It was also interesting to be involved in the trial planting of a japanese plant (as a research process with the local university) that could have huge health benefits. (Yes, I realise I have used the term health benefits too many times...but as opposed to using the thesaurus the meaning is there!)
 This beautiful couple had recently visited Ireland and were even in Cobh which is so close to the family house at home in Cork-just one of the starting points of connections and signs that was to begin a fascinating journey for me.

Thank you Elaine and Bob- a truly beautiful, warm and generous couple. x

Kate, Ian and Sage
-general crop work, trimming trees

Moving on from a very methodical, systematic and beautifully groomed environment to working and living with a couple who met studying architecture and bonding over their love of music-brought me into the world that thrived on all things a more freer, wilder manner.
From their habits of showering outdoors to using all kinds of found objects in the formation of their garden, a springtime wonderland, a very natural world of growing and learning was found.
Living with an 8year old, 2 dogs (1 pup arrived the same day as me) a horse, a donkey and many well-fed chooks, gave me an insight into the power of sharing, communication, negotiation, consideration, preparation, perseverance and imagination!
These wonderful people have travelled the world and are very familiar with wwoofing being involved in projects in Europe and South America..and they lived in Ireland for a bit-yay!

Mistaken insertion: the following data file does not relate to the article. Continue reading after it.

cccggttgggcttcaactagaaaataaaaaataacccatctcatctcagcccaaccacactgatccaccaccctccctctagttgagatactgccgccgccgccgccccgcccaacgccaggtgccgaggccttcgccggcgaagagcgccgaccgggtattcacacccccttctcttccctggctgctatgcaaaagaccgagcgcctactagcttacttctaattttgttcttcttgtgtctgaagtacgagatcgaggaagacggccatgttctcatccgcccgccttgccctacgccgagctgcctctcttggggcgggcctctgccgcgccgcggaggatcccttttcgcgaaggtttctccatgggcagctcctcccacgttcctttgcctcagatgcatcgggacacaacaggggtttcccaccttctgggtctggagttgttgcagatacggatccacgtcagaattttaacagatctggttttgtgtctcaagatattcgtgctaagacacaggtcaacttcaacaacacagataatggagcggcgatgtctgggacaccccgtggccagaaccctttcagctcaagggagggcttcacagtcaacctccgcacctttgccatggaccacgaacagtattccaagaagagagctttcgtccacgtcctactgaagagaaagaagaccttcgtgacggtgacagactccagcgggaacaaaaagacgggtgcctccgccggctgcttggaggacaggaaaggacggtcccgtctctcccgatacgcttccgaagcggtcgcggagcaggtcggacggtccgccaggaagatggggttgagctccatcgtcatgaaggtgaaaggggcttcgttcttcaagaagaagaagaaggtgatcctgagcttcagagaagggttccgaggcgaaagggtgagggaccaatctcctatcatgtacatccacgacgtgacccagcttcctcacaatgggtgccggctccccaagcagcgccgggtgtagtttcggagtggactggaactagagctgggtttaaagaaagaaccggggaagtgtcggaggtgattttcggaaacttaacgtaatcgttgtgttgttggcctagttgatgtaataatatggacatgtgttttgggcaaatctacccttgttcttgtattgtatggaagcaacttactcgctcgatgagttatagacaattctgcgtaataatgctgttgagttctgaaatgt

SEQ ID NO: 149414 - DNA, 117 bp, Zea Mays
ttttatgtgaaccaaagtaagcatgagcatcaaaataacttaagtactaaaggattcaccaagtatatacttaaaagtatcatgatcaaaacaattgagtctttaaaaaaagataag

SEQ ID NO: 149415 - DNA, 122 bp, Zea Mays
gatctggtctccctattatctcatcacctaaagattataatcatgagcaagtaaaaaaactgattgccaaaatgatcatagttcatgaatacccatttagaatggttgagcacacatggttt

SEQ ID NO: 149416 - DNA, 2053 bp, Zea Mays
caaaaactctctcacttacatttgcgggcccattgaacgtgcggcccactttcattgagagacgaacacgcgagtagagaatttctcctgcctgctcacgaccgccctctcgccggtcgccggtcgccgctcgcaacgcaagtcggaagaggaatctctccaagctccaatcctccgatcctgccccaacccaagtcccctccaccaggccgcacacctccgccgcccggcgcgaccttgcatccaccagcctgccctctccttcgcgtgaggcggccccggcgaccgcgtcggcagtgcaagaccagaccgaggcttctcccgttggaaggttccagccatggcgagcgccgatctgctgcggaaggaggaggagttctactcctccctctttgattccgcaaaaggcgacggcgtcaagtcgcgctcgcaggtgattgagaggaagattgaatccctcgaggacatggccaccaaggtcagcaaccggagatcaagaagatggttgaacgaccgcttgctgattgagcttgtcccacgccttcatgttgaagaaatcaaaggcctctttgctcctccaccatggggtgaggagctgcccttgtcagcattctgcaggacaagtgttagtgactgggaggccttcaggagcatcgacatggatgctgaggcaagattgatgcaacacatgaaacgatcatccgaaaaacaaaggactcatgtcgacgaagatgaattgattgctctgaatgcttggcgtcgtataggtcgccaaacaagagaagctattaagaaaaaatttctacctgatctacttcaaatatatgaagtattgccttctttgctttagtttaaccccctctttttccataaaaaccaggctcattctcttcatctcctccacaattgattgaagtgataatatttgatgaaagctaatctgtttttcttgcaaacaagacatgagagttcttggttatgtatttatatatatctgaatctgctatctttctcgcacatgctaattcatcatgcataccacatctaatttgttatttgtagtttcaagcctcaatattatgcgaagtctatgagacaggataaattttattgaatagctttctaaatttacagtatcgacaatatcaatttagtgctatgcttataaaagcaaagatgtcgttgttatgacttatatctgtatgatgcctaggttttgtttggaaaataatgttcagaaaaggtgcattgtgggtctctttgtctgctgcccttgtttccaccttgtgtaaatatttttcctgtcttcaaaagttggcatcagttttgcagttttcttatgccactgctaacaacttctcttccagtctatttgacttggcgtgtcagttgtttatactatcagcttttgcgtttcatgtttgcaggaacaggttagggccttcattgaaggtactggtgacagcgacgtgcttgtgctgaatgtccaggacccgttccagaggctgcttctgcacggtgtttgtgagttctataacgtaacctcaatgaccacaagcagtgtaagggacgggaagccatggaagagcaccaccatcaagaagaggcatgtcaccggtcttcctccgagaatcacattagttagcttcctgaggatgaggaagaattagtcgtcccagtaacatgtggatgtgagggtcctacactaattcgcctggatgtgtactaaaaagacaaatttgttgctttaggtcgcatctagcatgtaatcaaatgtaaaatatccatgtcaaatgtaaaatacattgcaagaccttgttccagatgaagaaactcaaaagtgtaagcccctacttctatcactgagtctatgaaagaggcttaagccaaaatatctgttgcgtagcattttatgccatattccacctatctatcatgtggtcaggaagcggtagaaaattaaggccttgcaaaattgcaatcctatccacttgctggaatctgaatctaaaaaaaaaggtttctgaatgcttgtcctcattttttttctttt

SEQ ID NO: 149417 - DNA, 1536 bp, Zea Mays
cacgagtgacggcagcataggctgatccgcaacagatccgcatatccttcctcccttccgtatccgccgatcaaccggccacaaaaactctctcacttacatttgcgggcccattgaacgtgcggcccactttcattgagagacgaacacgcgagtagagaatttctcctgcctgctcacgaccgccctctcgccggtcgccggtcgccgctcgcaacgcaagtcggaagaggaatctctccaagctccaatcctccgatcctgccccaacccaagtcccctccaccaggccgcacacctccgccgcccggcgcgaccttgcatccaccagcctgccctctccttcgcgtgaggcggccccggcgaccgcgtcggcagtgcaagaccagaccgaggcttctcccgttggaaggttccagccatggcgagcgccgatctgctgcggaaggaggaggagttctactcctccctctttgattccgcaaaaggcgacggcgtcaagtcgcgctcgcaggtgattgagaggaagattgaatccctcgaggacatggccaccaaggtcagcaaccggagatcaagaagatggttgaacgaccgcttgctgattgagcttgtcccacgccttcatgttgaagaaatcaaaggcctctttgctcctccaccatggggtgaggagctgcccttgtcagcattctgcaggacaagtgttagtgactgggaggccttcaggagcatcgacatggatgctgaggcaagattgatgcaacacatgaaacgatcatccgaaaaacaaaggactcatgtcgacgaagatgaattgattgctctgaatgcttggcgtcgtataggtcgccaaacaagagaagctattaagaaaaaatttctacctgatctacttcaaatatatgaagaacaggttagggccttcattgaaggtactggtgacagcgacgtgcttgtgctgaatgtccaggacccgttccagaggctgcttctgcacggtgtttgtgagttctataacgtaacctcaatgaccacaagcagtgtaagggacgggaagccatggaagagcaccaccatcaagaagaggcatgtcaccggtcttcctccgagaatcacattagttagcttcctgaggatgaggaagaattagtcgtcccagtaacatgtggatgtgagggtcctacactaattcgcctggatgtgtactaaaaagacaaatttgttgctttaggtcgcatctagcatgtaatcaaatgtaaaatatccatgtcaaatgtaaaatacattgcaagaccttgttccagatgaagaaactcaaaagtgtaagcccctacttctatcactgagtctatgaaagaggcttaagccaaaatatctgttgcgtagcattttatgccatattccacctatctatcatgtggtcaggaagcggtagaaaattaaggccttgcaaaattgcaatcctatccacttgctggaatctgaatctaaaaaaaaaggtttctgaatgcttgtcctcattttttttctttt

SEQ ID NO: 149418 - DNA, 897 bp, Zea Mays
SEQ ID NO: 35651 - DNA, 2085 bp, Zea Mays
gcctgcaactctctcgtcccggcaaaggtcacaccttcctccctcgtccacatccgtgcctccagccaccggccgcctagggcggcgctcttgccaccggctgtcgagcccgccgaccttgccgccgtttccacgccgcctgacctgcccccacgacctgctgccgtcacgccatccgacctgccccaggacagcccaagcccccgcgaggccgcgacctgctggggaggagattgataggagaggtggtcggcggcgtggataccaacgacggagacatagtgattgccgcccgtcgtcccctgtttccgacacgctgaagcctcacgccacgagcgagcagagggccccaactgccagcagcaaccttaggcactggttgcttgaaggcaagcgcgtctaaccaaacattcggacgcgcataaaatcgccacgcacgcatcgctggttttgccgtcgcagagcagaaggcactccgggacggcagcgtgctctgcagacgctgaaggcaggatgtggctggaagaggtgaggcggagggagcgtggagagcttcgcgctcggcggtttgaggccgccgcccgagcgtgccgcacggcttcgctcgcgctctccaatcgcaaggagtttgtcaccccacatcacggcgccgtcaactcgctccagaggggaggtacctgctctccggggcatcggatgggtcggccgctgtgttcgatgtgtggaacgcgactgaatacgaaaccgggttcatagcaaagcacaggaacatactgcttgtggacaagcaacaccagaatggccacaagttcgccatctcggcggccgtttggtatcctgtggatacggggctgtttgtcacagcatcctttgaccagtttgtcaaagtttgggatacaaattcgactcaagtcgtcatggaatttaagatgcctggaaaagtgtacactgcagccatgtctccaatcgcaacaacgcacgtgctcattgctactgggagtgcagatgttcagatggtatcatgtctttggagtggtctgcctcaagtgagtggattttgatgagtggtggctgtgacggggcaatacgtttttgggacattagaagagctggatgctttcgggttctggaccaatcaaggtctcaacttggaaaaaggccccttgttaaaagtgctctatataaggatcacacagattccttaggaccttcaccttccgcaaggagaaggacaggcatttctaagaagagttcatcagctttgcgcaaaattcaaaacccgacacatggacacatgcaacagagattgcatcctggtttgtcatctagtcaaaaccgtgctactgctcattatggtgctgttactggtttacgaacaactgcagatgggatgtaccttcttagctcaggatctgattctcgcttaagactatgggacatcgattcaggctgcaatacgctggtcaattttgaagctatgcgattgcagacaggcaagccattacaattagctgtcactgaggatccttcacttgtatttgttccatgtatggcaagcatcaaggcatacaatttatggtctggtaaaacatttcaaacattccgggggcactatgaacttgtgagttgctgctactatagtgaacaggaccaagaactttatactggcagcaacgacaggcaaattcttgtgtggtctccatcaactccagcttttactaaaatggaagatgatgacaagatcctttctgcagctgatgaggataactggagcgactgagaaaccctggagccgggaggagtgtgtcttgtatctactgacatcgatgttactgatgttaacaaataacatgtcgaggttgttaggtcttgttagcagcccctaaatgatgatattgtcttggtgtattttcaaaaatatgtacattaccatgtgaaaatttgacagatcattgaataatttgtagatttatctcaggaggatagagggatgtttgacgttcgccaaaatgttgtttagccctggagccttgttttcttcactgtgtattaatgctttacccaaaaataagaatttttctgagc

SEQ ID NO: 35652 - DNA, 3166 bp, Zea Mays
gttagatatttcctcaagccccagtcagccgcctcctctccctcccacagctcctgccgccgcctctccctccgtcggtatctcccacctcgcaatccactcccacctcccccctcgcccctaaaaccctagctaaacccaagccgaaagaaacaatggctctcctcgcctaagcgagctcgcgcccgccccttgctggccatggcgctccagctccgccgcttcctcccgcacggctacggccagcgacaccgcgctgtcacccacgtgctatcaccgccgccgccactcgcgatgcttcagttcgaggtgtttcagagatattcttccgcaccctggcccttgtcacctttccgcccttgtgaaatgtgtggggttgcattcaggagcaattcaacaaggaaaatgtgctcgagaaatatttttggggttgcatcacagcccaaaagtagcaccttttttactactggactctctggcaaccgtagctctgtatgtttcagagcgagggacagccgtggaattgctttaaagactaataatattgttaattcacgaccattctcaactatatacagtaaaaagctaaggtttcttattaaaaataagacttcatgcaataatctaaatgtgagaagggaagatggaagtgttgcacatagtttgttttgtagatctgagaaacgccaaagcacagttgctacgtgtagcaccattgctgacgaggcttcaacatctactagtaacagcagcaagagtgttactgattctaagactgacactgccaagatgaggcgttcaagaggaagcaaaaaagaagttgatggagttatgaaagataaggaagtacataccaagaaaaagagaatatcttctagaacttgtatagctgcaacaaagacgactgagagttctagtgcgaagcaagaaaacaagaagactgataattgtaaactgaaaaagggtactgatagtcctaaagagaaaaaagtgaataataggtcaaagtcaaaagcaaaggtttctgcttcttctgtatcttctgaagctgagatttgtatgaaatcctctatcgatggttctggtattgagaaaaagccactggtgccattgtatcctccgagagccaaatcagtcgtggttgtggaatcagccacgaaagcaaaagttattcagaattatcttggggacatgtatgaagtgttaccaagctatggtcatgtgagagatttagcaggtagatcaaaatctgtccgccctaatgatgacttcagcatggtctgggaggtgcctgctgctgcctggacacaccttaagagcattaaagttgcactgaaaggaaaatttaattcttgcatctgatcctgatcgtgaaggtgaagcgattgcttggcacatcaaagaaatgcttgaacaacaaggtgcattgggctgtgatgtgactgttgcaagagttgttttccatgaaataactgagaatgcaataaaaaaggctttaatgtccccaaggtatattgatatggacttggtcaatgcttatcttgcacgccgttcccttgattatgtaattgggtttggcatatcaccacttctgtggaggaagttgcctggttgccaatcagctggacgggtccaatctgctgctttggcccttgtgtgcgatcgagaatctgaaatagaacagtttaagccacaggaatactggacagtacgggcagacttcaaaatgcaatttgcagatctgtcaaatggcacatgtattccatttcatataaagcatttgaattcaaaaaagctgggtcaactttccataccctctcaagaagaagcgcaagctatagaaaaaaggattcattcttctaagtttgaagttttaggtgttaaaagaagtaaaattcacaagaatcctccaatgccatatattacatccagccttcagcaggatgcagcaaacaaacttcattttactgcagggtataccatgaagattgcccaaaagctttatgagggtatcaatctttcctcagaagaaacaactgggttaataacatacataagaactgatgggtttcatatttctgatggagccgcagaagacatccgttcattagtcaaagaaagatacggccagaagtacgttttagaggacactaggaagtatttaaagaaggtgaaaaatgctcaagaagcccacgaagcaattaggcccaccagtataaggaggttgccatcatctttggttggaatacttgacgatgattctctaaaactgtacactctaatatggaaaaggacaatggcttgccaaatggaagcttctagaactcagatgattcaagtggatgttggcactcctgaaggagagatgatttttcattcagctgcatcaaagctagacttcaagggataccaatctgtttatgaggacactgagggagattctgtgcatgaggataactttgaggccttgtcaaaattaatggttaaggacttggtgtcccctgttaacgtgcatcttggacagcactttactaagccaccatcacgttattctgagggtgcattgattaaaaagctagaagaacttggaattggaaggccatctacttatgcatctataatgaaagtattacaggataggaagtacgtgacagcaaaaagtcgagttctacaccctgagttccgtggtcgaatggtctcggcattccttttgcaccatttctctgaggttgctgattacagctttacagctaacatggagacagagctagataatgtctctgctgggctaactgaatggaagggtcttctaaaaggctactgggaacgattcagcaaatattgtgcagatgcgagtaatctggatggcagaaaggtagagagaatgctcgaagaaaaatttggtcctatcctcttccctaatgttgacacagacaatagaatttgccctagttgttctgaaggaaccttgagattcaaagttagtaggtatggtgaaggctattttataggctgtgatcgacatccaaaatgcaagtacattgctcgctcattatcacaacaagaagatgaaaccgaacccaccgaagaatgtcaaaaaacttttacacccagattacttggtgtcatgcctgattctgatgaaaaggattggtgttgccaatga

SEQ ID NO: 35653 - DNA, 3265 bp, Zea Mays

Artist is a term that has connotations of painters and sometimes pain but but Kate has to be one of the most natural artists I have come across. Her sensibilities with colour and sense of touch shows her freedom and joy in all her endeavours.
Using permaculture philosophies of 'maximizing useful connections between components and synergy of the final design'  or more simply utilising 'the relationships created among elements by the way they are placed together'..that's according to wiki..and also according to Kate, were the basis of how the edible garden, the orchard, the chook house and the whole environment flourished and blended together.  Some of the numerous activities included trimming and maintaining trees like the bananas, guavas, grapefruit, lemon, orange, mulberry...and then there was the strawberry season. I had never seen so many strawberries and they all took on little personalities as they were dotted around the gardens, in amongst welly boots that have plants emerging, old broken shovels that now create structures in the beautiful!

 These sustainability conscious architects use rammed earth blocks in the structure of their beautifully designed house-which retains the heat in the cooler months and keeps heat at bay in the summer! I learned the necessity of these kinds of precautions, even in springtime as there is always the threat of a fire or a flood!
Kate, Ian and Sage welcome wwoofers on a regular basis and have a wonderful open-door policy with good nearby friends which make it seem like one big family-all creative and such fun!